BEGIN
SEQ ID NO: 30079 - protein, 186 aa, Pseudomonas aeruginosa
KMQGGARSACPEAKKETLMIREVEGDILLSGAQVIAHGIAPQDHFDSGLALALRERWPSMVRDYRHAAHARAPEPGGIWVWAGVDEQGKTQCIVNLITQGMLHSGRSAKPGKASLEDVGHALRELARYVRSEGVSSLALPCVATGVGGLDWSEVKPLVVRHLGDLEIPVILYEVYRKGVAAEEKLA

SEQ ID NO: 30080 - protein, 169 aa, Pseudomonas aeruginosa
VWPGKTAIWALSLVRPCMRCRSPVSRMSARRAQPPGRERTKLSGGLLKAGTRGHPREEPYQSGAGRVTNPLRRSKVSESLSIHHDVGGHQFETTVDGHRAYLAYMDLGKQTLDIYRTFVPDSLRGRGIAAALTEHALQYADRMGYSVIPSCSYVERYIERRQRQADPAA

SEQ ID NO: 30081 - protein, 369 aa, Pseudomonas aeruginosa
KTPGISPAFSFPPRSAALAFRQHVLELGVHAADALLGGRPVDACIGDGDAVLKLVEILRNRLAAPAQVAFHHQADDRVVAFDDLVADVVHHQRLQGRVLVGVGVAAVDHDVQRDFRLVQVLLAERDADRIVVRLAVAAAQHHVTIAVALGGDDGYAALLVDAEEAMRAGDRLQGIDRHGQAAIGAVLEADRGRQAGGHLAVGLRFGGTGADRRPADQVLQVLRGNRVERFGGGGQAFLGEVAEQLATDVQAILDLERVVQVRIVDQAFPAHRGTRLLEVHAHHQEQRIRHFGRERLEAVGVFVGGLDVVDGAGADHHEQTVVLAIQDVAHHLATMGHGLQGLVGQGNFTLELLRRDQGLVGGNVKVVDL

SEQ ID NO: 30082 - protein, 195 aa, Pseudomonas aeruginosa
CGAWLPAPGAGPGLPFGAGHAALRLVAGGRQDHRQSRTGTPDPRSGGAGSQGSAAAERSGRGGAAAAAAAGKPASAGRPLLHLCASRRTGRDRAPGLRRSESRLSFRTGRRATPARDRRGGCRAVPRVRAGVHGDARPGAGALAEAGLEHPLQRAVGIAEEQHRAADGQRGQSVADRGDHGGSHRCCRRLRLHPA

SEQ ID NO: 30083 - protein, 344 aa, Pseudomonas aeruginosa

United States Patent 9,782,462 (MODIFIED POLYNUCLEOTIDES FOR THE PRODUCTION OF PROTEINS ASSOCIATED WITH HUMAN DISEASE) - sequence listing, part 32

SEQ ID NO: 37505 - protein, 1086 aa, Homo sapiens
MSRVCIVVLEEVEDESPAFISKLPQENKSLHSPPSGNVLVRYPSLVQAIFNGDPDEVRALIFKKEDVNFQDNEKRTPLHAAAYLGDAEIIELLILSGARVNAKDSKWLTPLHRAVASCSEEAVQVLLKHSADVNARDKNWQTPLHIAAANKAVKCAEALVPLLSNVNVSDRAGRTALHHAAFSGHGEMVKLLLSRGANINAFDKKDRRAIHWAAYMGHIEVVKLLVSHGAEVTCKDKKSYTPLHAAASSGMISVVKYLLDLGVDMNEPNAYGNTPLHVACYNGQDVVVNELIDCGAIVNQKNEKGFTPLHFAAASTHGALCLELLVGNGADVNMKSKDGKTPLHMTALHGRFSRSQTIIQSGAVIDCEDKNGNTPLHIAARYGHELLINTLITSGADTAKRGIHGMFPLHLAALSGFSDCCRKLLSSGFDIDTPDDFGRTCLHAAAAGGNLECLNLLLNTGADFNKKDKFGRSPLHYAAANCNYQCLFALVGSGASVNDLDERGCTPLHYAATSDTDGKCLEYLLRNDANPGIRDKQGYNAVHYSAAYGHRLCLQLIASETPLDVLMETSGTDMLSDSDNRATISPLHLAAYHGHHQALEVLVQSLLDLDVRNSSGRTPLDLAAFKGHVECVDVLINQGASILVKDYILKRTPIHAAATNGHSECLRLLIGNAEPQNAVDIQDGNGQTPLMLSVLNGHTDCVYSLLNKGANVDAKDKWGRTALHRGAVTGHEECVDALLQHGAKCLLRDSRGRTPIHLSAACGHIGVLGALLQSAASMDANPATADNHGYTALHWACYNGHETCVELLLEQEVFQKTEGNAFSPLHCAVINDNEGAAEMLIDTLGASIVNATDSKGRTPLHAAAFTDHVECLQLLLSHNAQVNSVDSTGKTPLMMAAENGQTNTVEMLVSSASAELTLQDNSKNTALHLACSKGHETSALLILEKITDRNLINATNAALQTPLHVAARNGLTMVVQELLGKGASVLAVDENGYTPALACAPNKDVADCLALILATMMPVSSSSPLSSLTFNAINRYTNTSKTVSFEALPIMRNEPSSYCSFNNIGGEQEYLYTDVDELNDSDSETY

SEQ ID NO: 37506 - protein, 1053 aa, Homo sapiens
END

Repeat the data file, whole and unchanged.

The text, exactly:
SEQ ID NO: 30079 - protein, 186 aa, Pseudomonas aeruginosa
KMQGGARSACPEAKKETLMIREVEGDILLSGAQVIAHGIAPQDHFDSGLALALRERWPSMVRDYRHAAHARAPEPGGIWVWAGVDEQGKTQCIVNLITQGMLHSGRSAKPGKASLEDVGHALRELARYVRSEGVSSLALPCVATGVGGLDWSEVKPLVVRHLGDLEIPVILYEVYRKGVAAEEKLA

SEQ ID NO: 30080 - protein, 169 aa, Pseudomonas aeruginosa
VWPGKTAIWALSLVRPCMRCRSPVSRMSARRAQPPGRERTKLSGGLLKAGTRGHPREEPYQSGAGRVTNPLRRSKVSESLSIHHDVGGHQFETTVDGHRAYLAYMDLGKQTLDIYRTFVPDSLRGRGIAAALTEHALQYADRMGYSVIPSCSYVERYIERRQRQADPAA

SEQ ID NO: 30081 - protein, 369 aa, Pseudomonas aeruginosa
KTPGISPAFSFPPRSAALAFRQHVLELGVHAADALLGGRPVDACIGDGDAVLKLVEILRNRLAAPAQVAFHHQADDRVVAFDDLVADVVHHQRLQGRVLVGVGVAAVDHDVQRDFRLVQVLLAERDADRIVVRLAVAAAQHHVTIAVALGGDDGYAALLVDAEEAMRAGDRLQGIDRHGQAAIGAVLEADRGRQAGGHLAVGLRFGGTGADRRPADQVLQVLRGNRVERFGGGGQAFLGEVAEQLATDVQAILDLERVVQVRIVDQAFPAHRGTRLLEVHAHHQEQRIRHFGRERLEAVGVFVGGLDVVDGAGADHHEQTVVLAIQDVAHHLATMGHGLQGLVGQGNFTLELLRRDQGLVGGNVKVVDL

SEQ ID NO: 30082 - protein, 195 aa, Pseudomonas aeruginosa
CGAWLPAPGAGPGLPFGAGHAALRLVAGGRQDHRQSRTGTPDPRSGGAGSQGSAAAERSGRGGAAAAAAAGKPASAGRPLLHLCASRRTGRDRAPGLRRSESRLSFRTGRRATPARDRRGGCRAVPRVRAGVHGDARPGAGALAEAGLEHPLQRAVGIAEEQHRAADGQRGQSVADRGDHGGSHRCCRRLRLHPA

SEQ ID NO: 30083 - protein, 344 aa, Pseudomonas aeruginosa

United States Patent 9,782,462 (MODIFIED POLYNUCLEOTIDES FOR THE PRODUCTION OF PROTEINS ASSOCIATED WITH HUMAN DISEASE) - sequence listing, part 32

SEQ ID NO: 37505 - protein, 1086 aa, Homo sapiens
MSRVCIVVLEEVEDESPAFISKLPQENKSLHSPPSGNVLVRYPSLVQAIFNGDPDEVRALIFKKEDVNFQDNEKRTPLHAAAYLGDAEIIELLILSGARVNAKDSKWLTPLHRAVASCSEEAVQVLLKHSADVNARDKNWQTPLHIAAANKAVKCAEALVPLLSNVNVSDRAGRTALHHAAFSGHGEMVKLLLSRGANINAFDKKDRRAIHWAAYMGHIEVVKLLVSHGAEVTCKDKKSYTPLHAAASSGMISVVKYLLDLGVDMNEPNAYGNTPLHVACYNGQDVVVNELIDCGAIVNQKNEKGFTPLHFAAASTHGALCLELLVGNGADVNMKSKDGKTPLHMTALHGRFSRSQTIIQSGAVIDCEDKNGNTPLHIAARYGHELLINTLITSGADTAKRGIHGMFPLHLAALSGFSDCCRKLLSSGFDIDTPDDFGRTCLHAAAAGGNLECLNLLLNTGADFNKKDKFGRSPLHYAAANCNYQCLFALVGSGASVNDLDERGCTPLHYAATSDTDGKCLEYLLRNDANPGIRDKQGYNAVHYSAAYGHRLCLQLIASETPLDVLMETSGTDMLSDSDNRATISPLHLAAYHGHHQALEVLVQSLLDLDVRNSSGRTPLDLAAFKGHVECVDVLINQGASILVKDYILKRTPIHAAATNGHSECLRLLIGNAEPQNAVDIQDGNGQTPLMLSVLNGHTDCVYSLLNKGANVDAKDKWGRTALHRGAVTGHEECVDALLQHGAKCLLRDSRGRTPIHLSAACGHIGVLGALLQSAASMDANPATADNHGYTALHWACYNGHETCVELLLEQEVFQKTEGNAFSPLHCAVINDNEGAAEMLIDTLGASIVNATDSKGRTPLHAAAFTDHVECLQLLLSHNAQVNSVDSTGKTPLMMAAENGQTNTVEMLVSSASAELTLQDNSKNTALHLACSKGHETSALLILEKITDRNLINATNAALQTPLHVAARNGLTMVVQELLGKGASVLAVDENGYTPALACAPNKDVADCLALILATMMPVSSSSPLSSLTFNAINRYTNTSKTVSFEALPIMRNEPSSYCSFNNIGGEQEYLYTDVDELNDSDSETY

SEQ ID NO: 37506 - protein, 1053 aa, Homo sapiens